If I say the way yoga is understood and practiced today is different in a number of ways from how it was understood and practiced traditionally it is helpful to understand what I mean by traditional. After all yoga has been around for thousands of years, and it was not one thing for most of that time, and then suddenly another thing twenty years ago. The tides of historical change have run throughout human history: it is just easier to see subtle changes to the waves that are closest to us. I am not going to give a scholarly text with dates and citations.
The other day a few students and colleagues were engaged in an online chat about a spin class the gist of which was that the class was difficult and awesome. The end result of the exchange was to make me want to go take the class.
It is widely understood that one of the huge differences in lifestyle between modern people and their ancestors is that we sit a lot more and walk a lot less. This sitting, particularly sitting for long periods in chairs, and particularly in front of desks with our head and shoulders hunched forward, has contributed to a lot of discomfort and injury. And it has only been made worse by being combined with the even more hours of the day peering down at screens of varying sizes and types.
Math, like language was created by man. There have always been things that could be counted and sorted, but we have not always counted and sorted them. There are cultures like the Piraha that have concepts like one and many, but no system of counting a group of things. Systems of counting and math began as a way to keep track of stuff, particularly stuff that belonged to the ruler of a culture large enough to have a lot of stuff to organize. In a larger and more complex society it was practical and useful.
If you go to a doctor you know a few things about their background: they have a college degree, an advanced degree, have passed exams both oral and written to be licensed, have a number of years of training beyond their medical school, (first an internship and then residency... which differ... a surgeon may be a resident seven years, a dermatologist two or three), and that after their training they will be required to re license and take continuing education as long as they practice.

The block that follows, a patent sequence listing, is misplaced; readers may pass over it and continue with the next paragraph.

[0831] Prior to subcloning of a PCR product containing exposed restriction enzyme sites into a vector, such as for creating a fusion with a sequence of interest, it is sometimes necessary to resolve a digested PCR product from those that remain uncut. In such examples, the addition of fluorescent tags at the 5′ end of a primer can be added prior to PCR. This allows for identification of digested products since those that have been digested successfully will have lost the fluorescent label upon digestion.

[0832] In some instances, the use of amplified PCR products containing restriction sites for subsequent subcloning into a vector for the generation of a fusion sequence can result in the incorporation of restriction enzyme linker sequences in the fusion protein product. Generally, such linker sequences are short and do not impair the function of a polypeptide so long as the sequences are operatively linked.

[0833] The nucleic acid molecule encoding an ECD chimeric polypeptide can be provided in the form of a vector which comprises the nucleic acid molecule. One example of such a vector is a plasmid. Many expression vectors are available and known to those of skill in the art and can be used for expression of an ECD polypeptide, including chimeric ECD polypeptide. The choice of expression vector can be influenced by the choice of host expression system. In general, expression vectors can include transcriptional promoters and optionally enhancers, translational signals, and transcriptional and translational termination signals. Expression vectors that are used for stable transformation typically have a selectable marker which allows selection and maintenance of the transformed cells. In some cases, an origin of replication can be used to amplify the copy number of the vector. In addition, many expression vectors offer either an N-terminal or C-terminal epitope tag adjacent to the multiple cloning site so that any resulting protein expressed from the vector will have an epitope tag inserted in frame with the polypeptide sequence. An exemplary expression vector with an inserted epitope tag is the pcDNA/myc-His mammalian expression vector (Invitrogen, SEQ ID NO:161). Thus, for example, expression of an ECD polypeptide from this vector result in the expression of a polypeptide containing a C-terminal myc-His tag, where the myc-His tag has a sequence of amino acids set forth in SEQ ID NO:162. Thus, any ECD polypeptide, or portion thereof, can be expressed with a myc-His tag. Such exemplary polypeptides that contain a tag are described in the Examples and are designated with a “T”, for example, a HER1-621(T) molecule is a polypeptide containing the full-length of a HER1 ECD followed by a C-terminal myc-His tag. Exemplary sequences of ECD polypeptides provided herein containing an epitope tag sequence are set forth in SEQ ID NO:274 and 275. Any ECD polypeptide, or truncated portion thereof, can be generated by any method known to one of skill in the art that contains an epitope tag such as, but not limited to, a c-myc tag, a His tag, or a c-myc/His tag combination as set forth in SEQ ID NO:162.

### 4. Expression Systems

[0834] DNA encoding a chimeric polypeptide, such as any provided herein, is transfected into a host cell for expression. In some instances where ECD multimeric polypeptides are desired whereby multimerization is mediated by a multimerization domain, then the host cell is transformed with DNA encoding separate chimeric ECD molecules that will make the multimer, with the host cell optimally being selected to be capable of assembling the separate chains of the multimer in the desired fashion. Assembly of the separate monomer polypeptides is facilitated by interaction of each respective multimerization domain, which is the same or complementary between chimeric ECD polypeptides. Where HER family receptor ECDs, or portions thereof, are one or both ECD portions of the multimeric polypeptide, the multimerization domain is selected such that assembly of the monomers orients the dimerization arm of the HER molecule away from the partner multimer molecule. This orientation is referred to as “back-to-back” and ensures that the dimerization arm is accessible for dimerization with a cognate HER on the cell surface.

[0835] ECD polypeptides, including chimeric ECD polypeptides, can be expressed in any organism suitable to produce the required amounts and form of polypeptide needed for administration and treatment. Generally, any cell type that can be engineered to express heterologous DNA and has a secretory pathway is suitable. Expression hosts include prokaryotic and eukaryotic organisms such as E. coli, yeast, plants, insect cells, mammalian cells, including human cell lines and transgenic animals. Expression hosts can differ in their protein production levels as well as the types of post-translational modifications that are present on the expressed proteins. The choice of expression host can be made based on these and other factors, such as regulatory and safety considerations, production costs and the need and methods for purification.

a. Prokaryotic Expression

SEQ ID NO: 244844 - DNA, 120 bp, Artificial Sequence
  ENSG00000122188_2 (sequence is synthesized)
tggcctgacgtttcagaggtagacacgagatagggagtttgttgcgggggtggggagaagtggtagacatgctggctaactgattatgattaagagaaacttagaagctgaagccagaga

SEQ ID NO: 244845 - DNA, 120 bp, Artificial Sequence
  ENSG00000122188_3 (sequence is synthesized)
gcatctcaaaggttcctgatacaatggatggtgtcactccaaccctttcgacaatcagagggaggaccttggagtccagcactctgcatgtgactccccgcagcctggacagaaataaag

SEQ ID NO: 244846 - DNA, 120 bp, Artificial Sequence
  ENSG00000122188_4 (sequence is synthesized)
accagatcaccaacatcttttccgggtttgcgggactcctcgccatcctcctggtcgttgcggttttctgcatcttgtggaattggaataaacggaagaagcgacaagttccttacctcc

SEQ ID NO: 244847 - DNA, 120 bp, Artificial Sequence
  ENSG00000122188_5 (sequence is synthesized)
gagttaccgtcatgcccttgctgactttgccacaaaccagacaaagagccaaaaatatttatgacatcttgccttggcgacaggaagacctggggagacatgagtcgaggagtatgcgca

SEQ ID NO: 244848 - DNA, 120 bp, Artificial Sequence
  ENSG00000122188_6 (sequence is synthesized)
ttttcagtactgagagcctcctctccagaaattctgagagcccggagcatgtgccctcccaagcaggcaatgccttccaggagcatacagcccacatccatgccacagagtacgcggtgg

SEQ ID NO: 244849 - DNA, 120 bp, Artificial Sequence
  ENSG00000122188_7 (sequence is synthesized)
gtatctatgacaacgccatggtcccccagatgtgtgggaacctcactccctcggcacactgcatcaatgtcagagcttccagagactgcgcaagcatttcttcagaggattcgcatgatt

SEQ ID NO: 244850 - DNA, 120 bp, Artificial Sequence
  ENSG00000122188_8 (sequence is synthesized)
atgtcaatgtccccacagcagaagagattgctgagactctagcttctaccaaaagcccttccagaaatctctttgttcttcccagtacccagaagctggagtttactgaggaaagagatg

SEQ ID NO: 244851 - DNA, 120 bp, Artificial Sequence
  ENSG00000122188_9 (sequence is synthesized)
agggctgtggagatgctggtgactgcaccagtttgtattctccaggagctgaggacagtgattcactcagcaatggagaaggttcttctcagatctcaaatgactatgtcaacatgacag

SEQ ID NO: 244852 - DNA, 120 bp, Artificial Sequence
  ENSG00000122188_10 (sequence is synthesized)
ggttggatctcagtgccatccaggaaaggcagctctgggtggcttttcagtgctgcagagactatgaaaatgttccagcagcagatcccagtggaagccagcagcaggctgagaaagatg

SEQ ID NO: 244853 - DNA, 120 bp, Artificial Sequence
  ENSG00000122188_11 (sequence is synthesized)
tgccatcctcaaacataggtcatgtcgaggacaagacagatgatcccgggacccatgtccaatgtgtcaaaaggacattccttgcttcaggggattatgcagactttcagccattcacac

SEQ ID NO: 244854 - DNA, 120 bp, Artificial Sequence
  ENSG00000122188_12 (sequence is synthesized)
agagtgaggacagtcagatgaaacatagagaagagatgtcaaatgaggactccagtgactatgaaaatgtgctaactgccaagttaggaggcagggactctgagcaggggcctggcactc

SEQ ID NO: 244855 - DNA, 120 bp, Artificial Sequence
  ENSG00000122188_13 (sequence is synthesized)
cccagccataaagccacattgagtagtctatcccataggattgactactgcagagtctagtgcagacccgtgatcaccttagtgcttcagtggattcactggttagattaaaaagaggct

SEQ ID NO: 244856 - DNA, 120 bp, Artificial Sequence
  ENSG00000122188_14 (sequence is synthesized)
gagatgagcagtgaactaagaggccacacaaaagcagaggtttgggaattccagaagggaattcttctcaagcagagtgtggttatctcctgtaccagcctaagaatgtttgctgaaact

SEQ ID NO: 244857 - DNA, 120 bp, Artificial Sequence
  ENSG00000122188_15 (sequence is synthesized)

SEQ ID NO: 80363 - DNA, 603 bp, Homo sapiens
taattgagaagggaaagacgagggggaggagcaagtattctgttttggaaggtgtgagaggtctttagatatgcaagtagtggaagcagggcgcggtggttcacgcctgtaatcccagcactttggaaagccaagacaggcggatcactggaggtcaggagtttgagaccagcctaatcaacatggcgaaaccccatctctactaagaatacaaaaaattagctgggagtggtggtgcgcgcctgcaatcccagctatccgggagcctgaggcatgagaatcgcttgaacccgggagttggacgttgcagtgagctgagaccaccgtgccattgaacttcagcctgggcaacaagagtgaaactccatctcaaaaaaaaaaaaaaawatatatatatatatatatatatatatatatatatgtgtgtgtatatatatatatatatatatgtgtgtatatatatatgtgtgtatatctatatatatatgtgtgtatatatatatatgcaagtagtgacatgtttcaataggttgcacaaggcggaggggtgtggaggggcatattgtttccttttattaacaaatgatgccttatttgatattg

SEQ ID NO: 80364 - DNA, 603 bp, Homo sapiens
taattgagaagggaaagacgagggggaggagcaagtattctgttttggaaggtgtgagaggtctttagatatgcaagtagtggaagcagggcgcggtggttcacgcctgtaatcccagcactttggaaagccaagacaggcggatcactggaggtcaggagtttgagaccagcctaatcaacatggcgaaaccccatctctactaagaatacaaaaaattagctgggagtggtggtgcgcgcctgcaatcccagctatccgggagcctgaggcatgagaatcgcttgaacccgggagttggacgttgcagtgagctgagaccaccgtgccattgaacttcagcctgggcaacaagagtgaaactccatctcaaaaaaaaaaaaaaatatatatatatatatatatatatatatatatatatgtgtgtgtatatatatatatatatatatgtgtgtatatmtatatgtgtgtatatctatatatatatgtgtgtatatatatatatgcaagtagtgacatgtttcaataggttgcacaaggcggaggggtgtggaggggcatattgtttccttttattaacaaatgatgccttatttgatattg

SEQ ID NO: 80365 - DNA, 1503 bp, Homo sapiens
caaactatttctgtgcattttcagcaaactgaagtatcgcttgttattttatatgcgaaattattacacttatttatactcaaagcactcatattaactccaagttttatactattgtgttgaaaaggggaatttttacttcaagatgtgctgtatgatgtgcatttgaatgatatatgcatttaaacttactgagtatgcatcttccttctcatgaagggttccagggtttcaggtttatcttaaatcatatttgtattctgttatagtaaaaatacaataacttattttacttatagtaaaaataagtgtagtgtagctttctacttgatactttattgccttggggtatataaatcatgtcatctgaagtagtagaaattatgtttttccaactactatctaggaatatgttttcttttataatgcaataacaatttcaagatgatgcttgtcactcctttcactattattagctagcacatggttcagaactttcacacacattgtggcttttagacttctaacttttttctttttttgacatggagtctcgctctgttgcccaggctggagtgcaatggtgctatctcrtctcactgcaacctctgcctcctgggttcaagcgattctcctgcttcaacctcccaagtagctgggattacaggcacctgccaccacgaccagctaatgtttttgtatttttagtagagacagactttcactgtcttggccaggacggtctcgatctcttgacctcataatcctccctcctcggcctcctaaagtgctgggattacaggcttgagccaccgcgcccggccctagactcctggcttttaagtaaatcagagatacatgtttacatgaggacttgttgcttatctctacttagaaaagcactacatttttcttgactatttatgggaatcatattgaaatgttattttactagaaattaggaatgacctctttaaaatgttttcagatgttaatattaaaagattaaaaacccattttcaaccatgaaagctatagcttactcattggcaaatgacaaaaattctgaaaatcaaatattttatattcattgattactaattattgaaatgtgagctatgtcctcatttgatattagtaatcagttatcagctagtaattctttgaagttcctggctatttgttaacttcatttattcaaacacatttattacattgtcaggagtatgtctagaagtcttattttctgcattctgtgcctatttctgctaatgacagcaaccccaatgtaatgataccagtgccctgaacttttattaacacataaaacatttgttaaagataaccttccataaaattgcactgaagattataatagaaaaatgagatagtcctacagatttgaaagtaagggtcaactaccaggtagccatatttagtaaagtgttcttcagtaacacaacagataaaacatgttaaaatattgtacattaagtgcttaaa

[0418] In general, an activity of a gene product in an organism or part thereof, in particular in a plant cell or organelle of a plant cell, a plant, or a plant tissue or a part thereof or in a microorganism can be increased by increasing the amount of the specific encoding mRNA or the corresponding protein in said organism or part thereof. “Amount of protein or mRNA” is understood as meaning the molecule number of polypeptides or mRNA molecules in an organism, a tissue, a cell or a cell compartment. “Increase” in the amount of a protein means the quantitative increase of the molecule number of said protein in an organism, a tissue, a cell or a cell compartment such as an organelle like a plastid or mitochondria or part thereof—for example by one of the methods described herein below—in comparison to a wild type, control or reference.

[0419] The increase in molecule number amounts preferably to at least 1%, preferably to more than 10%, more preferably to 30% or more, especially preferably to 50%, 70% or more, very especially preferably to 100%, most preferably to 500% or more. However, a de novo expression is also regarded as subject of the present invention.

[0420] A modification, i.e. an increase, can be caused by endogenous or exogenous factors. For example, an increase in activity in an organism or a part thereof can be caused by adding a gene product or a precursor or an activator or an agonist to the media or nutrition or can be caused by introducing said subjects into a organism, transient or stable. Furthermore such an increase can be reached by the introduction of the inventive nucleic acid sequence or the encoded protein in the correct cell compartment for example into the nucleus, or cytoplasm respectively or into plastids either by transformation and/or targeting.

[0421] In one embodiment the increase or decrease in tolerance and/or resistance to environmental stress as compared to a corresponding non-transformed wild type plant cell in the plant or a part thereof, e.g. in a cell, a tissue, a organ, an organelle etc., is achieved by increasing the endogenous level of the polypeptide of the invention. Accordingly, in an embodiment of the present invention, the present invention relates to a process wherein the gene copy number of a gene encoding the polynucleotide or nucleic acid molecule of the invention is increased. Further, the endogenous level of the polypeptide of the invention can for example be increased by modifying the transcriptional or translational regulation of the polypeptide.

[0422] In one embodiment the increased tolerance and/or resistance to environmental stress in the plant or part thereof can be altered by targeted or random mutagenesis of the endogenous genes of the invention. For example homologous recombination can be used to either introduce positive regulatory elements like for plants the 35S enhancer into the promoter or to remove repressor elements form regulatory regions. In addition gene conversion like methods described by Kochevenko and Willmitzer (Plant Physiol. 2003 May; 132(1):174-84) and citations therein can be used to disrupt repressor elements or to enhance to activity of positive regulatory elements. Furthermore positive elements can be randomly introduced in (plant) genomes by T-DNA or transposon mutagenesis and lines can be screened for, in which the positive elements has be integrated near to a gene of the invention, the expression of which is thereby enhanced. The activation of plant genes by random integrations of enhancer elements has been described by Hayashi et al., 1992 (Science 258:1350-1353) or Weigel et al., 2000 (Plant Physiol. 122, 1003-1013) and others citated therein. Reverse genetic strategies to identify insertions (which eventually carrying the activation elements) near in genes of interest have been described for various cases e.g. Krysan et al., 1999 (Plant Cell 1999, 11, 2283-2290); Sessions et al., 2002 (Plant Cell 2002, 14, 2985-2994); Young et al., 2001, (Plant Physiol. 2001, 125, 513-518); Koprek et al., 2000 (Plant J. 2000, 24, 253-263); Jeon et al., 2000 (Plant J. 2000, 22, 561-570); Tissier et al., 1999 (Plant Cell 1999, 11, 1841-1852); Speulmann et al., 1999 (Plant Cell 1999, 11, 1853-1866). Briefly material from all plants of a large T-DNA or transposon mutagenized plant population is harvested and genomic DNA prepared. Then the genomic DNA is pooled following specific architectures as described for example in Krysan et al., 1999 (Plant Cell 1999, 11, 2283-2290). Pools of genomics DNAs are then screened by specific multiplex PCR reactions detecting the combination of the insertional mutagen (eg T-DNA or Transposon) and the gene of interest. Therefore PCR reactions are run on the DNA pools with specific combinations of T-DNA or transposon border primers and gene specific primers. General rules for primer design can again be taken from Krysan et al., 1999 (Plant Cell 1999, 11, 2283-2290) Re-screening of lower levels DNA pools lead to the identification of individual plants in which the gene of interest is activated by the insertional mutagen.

Leg Series is a set of postures I developed as a very gentle way to stretch the legs and hips. I particularly like to use it myself after I have been travelling and sitting a lot, or at the end of a long day. It is gentle enough that it works for most students.
This word "balanced"......it haunts, eludes, inspires, motivates, and propels
me. Finding balance, being off balance, the question of balance......
I assume it looks different for everyone, and it seems to hide somewhere in the middle of crazy and calm.
Confident or insecure...wise and dumb, street smart or gullible. Manic and
Depressed, strong and weak, hungry and starving, hard and soft, active and
passive, motivated and lazy, drama and wall-flower, confident or paralyzed, loud and quiet, alive or dead. Spiraling down, or spinning out of control. Frozen or thawed.
With any posture in yoga there are two questions: How to do it safely and effectively, but also Why to do it at all. When I was very young and trying out yoga poses I saw on Lilias, or in books and so on, I would see a cool looking pose and try to mimic it. It was all about the pose. But when you do that you start to realize that some poses feel good, and that they might feel good at particular times of the day, or after other activities. That is why I tell my students “Think of the posture as a tool, rather than as a goal”.
There is a lot of specialization in exercise classes. Sometimes the specialization is in what effect one wants: cardio for strengthening the heart, weight training for strengthening the musculoskeletal system, core for, well, the core, and so on. Sometimes it is in style: zumba and spin both are cardiovascular (though of course with strengthening and sculpting effects), but quite different in style. Sometimes it is in target population: zumba gold targets an older exerciser, as does fit for life, though the music and movements will be different.